Here’s my summary of some talks at the recent PyCon JP in Tokyo. I was chairing the English track for both days, so the majority of talks are from there, but I caught a handful of Japanese presentations as well.

Using Machine Learning to Try and Predict Taxi Availability by @supercoderhari

  • Video
  • Slides
  • Jupyter notebooks
  • Gentle intro to machine learning in general
  • Singapore provides location data for all of its taxis - cool!
  • Goal: given past data, predict availability in the future
  • Jupyter can do interactive plots: I didn’t know this!
  • Try linear regression, polynomial regression, random forests, etc.

Geospatial Data Analysis and Visualization in Python by @wrongbat

How (and Why) We Speak in Unicode by @dproi

  • Video
  • An interesting dive into the history of Unicode
  • Separate concepts: character sets and encoding
  • Best practices: doing Unicode correctly in Py2 and Py3
  • Unicode sandwich: bytes on the outside, Unicode on the inside

This was a good talk, but it failed to mention Han Unification, which remains a controversial topic in Japan to this day. I’m not sure how people will solve this problem - perhaps they will just get over it? I regret not being able to attend the talk, because it would have been a great question to ask.

Pythonにおけるデバッグ手法 by @TakesxiSximada

  • Nice beginner-level introduction to debugging
  • Introduces print-debugging: print statements, Pdb, .set_trace(), PyCharm
  • Debugging approaches for various scenarios:
    • unit tests
    • Django
    • Celery
    • Jupyter: %debug magic

Personally, I prefer TDD: test-driven debugging. Basically, you find bugs by writing tests around your function. Unlike regular debugging, the big benefit is the effort you put in helps prevent future regressions.

For example, check out this broken FizzBuzz code:

def fizzbuzz(limit):
    for i in range(1, limit + 1):
        if i % 3 == 0:
            print('Fizz')
        elif i % 5 == 0:
            print('Buzz')
        elif i % 15 == 0:
            print('FizzBuzz')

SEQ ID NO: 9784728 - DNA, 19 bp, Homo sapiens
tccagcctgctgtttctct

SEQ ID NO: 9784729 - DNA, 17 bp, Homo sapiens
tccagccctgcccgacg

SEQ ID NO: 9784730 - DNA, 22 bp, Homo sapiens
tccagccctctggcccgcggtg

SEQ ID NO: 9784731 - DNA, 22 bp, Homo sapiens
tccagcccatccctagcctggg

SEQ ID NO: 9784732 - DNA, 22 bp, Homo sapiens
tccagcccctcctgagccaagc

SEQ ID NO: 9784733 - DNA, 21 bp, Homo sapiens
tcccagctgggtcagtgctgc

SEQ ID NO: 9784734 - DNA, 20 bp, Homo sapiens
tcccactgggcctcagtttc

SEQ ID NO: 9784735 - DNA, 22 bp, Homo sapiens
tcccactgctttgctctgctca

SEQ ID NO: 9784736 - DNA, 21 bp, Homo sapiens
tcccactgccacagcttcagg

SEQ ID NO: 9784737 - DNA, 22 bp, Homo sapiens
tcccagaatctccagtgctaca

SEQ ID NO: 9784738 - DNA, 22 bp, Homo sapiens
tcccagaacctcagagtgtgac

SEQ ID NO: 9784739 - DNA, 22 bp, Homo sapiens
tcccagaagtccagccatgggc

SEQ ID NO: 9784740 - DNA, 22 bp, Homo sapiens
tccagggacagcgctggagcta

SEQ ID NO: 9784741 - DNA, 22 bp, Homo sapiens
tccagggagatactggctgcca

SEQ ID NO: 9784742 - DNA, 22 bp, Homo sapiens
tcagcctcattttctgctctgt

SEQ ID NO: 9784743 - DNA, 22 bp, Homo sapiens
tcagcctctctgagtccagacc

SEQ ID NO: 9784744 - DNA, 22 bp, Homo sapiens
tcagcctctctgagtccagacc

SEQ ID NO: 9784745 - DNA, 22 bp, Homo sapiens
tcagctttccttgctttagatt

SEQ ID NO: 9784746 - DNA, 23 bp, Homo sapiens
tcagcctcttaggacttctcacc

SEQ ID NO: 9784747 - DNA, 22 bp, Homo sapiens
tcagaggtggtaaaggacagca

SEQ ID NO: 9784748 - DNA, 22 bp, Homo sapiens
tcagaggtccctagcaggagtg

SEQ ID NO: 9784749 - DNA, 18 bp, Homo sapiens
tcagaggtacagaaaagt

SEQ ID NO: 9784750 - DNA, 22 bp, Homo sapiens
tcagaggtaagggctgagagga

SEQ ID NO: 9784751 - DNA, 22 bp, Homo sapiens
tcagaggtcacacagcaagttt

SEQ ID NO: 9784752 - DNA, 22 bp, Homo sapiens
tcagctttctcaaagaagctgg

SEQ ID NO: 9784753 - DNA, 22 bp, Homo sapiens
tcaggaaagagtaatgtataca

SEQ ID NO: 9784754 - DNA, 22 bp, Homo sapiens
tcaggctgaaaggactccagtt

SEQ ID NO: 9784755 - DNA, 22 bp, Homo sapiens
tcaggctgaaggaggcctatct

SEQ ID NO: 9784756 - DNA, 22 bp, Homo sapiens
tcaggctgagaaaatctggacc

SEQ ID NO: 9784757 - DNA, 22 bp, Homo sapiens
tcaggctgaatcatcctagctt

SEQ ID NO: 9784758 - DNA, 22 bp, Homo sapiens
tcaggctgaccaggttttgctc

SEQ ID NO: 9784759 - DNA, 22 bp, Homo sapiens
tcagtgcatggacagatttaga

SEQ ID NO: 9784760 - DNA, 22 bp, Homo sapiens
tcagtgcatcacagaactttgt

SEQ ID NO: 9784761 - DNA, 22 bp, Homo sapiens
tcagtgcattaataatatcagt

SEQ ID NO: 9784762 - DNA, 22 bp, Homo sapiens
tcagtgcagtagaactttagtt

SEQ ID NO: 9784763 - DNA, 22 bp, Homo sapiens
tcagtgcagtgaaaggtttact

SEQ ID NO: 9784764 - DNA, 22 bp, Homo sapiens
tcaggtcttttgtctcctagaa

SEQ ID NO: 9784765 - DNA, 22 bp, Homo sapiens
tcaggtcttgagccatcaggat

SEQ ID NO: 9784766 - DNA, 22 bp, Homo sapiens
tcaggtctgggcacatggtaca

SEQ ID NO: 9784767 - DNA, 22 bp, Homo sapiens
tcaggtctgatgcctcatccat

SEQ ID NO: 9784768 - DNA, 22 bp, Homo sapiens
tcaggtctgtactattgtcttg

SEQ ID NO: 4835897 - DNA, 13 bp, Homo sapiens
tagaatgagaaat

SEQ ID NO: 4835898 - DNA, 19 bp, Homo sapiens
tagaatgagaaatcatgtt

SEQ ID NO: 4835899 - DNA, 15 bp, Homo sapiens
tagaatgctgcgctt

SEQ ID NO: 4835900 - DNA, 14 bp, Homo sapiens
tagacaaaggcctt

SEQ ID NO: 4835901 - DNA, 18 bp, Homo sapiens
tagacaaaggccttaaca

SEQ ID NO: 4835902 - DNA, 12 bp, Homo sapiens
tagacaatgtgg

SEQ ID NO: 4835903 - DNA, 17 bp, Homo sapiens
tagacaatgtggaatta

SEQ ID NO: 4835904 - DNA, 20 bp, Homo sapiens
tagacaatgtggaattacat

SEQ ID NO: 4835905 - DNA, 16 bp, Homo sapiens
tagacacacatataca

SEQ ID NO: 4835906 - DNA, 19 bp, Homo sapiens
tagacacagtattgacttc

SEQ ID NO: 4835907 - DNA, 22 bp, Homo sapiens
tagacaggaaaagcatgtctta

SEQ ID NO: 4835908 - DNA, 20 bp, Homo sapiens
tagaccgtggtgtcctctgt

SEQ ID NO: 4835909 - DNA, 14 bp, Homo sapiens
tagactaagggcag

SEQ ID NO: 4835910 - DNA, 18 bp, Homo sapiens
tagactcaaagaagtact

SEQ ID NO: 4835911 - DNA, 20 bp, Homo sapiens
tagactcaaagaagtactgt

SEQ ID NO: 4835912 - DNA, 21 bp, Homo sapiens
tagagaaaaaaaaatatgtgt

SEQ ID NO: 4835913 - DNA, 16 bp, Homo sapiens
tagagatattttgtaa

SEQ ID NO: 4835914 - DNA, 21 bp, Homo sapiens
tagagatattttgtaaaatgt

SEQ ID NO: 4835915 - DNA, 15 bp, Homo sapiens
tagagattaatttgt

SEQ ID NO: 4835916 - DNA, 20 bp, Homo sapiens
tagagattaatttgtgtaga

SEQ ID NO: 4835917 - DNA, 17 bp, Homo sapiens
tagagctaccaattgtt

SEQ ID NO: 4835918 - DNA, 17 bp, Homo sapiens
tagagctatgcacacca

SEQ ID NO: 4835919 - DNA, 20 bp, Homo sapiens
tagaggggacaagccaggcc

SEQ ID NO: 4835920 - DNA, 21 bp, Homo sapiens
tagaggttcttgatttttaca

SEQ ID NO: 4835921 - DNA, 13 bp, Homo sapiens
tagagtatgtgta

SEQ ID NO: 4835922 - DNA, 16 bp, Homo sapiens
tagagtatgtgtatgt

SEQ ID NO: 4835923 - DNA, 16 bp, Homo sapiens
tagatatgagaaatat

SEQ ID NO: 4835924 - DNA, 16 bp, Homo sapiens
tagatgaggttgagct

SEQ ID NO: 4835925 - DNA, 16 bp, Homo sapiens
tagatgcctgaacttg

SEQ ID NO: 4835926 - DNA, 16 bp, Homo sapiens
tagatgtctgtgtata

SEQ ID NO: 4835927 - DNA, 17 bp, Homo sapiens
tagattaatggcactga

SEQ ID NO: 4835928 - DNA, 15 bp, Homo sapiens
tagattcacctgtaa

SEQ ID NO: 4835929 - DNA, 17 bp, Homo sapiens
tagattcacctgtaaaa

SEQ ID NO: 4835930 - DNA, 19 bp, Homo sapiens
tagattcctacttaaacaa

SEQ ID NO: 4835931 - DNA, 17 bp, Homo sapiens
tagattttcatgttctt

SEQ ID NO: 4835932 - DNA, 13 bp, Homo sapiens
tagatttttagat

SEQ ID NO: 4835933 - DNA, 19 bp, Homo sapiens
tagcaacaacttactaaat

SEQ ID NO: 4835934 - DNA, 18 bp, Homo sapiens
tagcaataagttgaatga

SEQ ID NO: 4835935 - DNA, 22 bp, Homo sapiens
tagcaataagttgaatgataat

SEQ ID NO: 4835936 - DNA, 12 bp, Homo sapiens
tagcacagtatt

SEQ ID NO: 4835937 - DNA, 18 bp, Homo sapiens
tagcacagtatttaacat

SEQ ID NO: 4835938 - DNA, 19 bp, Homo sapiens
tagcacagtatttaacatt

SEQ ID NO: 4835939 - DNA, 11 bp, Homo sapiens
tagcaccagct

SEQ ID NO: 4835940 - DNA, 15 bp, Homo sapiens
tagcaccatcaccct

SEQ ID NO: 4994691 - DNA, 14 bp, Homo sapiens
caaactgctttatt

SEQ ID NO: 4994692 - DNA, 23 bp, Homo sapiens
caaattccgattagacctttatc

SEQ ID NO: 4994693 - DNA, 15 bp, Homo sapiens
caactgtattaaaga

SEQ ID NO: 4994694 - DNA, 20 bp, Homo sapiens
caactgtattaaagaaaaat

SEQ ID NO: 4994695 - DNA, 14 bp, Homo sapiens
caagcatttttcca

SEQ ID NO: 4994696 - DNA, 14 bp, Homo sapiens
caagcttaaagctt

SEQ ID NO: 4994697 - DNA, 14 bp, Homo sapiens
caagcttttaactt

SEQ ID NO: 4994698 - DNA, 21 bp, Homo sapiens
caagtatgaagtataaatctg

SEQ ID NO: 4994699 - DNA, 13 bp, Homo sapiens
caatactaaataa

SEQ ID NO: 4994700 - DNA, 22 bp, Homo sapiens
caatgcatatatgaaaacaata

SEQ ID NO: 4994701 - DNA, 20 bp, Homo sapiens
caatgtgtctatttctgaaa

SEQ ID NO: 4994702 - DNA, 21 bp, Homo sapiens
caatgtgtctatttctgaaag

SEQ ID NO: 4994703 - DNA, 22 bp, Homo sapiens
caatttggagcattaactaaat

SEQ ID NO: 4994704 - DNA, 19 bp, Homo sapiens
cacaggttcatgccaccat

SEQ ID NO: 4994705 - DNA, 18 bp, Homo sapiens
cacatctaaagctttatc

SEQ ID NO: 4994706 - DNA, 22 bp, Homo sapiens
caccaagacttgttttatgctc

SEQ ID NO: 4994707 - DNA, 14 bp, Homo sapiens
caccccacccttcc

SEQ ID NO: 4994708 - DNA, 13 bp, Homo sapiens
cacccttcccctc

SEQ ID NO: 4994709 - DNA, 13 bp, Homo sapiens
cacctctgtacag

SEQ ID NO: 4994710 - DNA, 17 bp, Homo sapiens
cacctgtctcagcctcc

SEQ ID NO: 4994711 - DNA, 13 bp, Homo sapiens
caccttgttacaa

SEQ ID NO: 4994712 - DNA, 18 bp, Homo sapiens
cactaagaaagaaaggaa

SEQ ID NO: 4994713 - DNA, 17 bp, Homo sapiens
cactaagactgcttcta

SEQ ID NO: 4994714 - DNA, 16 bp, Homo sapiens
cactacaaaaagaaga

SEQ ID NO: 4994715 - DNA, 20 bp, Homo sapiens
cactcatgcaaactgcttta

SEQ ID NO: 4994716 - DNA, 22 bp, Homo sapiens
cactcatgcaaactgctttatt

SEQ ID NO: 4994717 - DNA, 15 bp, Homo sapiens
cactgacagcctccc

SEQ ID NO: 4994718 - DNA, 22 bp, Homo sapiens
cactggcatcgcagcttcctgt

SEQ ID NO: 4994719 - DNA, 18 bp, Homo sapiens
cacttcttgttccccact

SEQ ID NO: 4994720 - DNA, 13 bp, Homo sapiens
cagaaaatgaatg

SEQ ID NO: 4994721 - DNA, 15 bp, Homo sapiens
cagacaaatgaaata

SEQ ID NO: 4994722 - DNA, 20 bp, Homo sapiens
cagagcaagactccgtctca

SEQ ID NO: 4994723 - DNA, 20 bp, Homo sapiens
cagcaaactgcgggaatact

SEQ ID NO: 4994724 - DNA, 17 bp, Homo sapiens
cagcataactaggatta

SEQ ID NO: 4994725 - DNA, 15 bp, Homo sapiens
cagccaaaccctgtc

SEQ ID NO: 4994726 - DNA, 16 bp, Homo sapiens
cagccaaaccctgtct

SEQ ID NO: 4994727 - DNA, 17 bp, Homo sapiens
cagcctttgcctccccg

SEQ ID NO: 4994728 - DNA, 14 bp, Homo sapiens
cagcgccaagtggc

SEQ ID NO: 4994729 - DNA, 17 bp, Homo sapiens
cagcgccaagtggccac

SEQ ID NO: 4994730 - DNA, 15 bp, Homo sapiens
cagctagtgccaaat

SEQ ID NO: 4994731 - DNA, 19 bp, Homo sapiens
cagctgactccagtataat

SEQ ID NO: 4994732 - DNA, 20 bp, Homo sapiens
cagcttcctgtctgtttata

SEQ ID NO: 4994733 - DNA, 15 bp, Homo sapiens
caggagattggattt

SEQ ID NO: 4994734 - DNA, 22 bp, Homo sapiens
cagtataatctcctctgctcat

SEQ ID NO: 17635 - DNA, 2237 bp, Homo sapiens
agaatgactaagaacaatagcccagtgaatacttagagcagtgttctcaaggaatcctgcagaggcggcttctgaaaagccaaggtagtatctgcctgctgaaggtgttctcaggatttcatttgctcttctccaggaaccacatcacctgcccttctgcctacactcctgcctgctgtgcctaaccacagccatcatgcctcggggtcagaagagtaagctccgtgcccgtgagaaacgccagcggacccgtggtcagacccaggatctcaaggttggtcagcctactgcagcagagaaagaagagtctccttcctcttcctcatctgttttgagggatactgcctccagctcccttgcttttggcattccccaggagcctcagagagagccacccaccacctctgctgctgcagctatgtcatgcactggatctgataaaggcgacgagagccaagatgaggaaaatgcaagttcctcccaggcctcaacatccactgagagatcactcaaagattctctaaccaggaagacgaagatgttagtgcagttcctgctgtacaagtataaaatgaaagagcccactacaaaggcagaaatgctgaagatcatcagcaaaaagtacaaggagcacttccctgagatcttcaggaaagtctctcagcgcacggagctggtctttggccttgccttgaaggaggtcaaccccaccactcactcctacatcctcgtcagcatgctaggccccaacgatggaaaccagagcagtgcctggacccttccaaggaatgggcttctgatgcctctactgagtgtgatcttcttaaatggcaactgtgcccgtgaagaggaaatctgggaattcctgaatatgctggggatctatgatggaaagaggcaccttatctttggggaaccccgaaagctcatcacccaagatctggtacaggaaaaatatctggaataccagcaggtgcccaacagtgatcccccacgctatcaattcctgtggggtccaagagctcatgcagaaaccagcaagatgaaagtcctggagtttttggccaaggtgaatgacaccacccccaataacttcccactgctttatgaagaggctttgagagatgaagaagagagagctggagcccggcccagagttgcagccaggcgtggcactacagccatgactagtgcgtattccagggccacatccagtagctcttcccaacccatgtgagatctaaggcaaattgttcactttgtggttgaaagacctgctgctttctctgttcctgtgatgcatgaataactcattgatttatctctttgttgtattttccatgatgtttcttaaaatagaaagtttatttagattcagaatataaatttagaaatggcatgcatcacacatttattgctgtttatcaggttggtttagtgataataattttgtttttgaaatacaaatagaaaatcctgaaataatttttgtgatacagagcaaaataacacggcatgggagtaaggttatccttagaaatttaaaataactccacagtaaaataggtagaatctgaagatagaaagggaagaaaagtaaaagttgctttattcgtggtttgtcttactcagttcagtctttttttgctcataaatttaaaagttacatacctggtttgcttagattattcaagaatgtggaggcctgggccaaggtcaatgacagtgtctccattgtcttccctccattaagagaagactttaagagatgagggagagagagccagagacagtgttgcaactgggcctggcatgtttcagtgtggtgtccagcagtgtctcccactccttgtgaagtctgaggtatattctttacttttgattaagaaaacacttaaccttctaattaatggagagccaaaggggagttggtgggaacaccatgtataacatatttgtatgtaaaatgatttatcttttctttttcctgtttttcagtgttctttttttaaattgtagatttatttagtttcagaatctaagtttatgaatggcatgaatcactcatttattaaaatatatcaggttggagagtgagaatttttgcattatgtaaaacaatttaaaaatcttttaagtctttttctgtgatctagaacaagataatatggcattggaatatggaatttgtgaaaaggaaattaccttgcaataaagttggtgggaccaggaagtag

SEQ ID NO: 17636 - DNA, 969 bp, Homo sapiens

else:
            print(i)

Instead of peppering the code with debug statements, why not write tests for it? Start by decoupling the fizzbuzz from print to make it easier to test:

def fizzbuzz(limit):
    for i in range(1, limit + 1):
        if i % 3 == 0:
            yield 'Fizz'
        elif i % 5 == 0:
            yield 'Buzz'
        elif i % 15 == 0:
            yield 'FizzBuzz'
        else:
            yield '%d' % i

the test is then simple:

def test_fizzbuzz():
    expected = ('1 2 Fizz 3 4 Buzz 6 7 8 Fizz'
                '10 11 Fizz 13 14 FizzBuzz').split(' ')
    actual = list(fizzbuzz(15))
    assert expected == actual

If you run this through py.test, you get very helpful output:

bash-3.2$ py.test fizzbuzz.py -q
F
======== FAILURES ========
_____ test_fizzbuzz ______

    def test_fizzbuzz():
        expected = ('1 2 Fizz 4 Buzz Fizz 7 8 Fizz '
                    'Buzz 11 Fizz 13 14 FizzBuzz').split(' ')
        actual = list(fizzbuzz(15))
>       assert expected == actual
E       AssertionError: assert ['1', '2', 'F..., 'Fizz', ...] == ['1', '2', 'Fi..., 'Fizz', ...]
E         At index 14 diff: 'FizzBuzz' != 'Fizz'
E         Full diff:
E         ['1',
E         '2',
E         'Fizz',
E         '4',
E         'Buzz',...
E
E         ...Full output truncated (13 lines hidden), use '-vv' to show

fizzbuzz.py:17: AssertionError
1 failed in 0.05 seconds

Pythonで大量データ処理!PySparkを用いたデータ分析のきほん by @chie8842